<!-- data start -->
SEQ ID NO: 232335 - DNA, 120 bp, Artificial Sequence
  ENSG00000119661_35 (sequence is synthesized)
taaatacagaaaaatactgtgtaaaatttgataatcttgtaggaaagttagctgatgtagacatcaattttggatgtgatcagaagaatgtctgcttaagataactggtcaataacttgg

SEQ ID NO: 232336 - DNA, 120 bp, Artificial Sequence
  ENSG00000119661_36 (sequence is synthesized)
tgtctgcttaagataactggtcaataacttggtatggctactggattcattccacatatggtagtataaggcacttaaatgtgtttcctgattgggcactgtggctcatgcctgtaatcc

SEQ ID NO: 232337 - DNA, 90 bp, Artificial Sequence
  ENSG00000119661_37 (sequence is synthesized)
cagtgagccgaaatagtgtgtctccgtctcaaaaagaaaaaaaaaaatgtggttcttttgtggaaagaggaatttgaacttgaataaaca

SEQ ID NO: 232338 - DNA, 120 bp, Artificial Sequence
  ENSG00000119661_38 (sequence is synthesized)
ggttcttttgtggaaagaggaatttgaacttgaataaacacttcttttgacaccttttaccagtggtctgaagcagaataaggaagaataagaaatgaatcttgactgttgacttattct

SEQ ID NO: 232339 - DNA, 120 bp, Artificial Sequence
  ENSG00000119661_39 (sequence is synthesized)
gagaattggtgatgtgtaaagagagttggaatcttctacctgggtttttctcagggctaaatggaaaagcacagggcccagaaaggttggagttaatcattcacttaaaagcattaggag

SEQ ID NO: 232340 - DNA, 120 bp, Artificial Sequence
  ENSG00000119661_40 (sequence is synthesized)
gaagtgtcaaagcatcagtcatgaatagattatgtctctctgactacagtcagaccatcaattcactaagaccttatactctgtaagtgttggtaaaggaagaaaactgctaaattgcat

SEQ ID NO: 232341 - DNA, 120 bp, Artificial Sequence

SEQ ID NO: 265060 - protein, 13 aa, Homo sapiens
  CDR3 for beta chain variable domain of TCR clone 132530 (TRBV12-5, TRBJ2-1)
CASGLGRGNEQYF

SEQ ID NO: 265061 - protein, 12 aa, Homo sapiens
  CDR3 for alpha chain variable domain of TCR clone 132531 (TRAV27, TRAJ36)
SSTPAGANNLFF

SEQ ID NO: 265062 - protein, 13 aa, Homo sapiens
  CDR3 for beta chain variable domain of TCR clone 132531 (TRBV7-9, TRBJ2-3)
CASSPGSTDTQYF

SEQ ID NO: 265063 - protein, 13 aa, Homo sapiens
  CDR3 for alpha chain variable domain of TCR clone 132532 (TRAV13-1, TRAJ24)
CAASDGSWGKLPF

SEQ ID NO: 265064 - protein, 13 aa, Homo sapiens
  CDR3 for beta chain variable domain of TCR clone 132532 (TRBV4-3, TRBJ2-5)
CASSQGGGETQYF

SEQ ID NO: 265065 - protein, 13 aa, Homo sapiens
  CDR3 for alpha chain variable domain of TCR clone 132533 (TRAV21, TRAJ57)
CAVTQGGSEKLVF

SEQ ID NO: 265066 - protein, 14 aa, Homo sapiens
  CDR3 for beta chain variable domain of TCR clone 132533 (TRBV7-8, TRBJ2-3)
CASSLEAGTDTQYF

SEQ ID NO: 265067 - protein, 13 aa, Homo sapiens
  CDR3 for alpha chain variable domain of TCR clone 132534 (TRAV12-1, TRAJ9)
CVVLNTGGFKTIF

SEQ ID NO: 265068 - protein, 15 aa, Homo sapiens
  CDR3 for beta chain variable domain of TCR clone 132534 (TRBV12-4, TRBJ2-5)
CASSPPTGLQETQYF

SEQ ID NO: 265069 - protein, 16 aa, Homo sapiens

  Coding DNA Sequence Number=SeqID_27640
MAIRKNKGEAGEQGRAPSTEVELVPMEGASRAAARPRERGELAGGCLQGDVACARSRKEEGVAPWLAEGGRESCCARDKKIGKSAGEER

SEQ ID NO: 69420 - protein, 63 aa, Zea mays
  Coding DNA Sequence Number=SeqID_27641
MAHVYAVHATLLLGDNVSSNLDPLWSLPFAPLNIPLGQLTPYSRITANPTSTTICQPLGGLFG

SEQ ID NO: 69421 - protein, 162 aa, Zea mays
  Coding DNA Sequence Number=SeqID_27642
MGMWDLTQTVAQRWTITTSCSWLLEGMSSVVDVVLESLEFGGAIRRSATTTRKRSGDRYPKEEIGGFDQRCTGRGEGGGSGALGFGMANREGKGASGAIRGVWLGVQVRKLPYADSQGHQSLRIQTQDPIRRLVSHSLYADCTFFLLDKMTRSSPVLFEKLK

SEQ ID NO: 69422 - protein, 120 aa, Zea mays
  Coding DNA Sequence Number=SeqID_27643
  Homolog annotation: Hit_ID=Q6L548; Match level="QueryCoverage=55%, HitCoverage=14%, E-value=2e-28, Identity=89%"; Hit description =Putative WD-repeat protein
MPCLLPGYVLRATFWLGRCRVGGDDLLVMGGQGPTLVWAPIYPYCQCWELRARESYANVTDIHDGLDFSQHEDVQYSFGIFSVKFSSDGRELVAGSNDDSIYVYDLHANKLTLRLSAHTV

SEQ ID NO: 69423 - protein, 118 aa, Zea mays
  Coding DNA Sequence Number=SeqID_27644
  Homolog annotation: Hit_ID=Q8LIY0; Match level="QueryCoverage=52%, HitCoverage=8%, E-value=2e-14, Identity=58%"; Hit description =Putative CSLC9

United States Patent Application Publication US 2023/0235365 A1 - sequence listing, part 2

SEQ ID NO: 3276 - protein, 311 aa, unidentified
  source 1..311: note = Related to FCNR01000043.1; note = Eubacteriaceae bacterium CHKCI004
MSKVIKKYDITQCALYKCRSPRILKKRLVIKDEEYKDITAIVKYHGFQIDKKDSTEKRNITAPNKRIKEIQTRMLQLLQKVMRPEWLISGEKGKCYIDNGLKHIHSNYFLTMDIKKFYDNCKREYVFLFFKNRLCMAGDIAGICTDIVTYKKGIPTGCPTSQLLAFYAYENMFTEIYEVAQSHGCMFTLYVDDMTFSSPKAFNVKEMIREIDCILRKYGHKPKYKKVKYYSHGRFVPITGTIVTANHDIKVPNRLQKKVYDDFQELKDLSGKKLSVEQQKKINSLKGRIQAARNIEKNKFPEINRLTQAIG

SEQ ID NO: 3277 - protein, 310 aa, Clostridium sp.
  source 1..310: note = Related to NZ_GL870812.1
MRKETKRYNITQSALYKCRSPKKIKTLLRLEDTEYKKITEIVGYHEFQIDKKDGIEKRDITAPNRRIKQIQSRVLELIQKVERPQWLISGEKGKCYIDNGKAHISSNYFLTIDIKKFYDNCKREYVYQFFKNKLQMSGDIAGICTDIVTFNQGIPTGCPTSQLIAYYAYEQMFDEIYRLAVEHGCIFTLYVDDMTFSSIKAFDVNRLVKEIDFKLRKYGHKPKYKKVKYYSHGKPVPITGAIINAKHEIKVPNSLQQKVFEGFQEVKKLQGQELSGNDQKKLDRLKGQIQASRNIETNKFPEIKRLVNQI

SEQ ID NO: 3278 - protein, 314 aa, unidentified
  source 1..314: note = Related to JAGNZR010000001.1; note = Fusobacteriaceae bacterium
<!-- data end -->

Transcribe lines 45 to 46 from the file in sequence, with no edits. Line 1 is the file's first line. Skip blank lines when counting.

  CDR3 for beta chain variable domain of TCR clone 132534 (TRBV12-4, TRBJ2-5)
CASSPPTGLQETQYF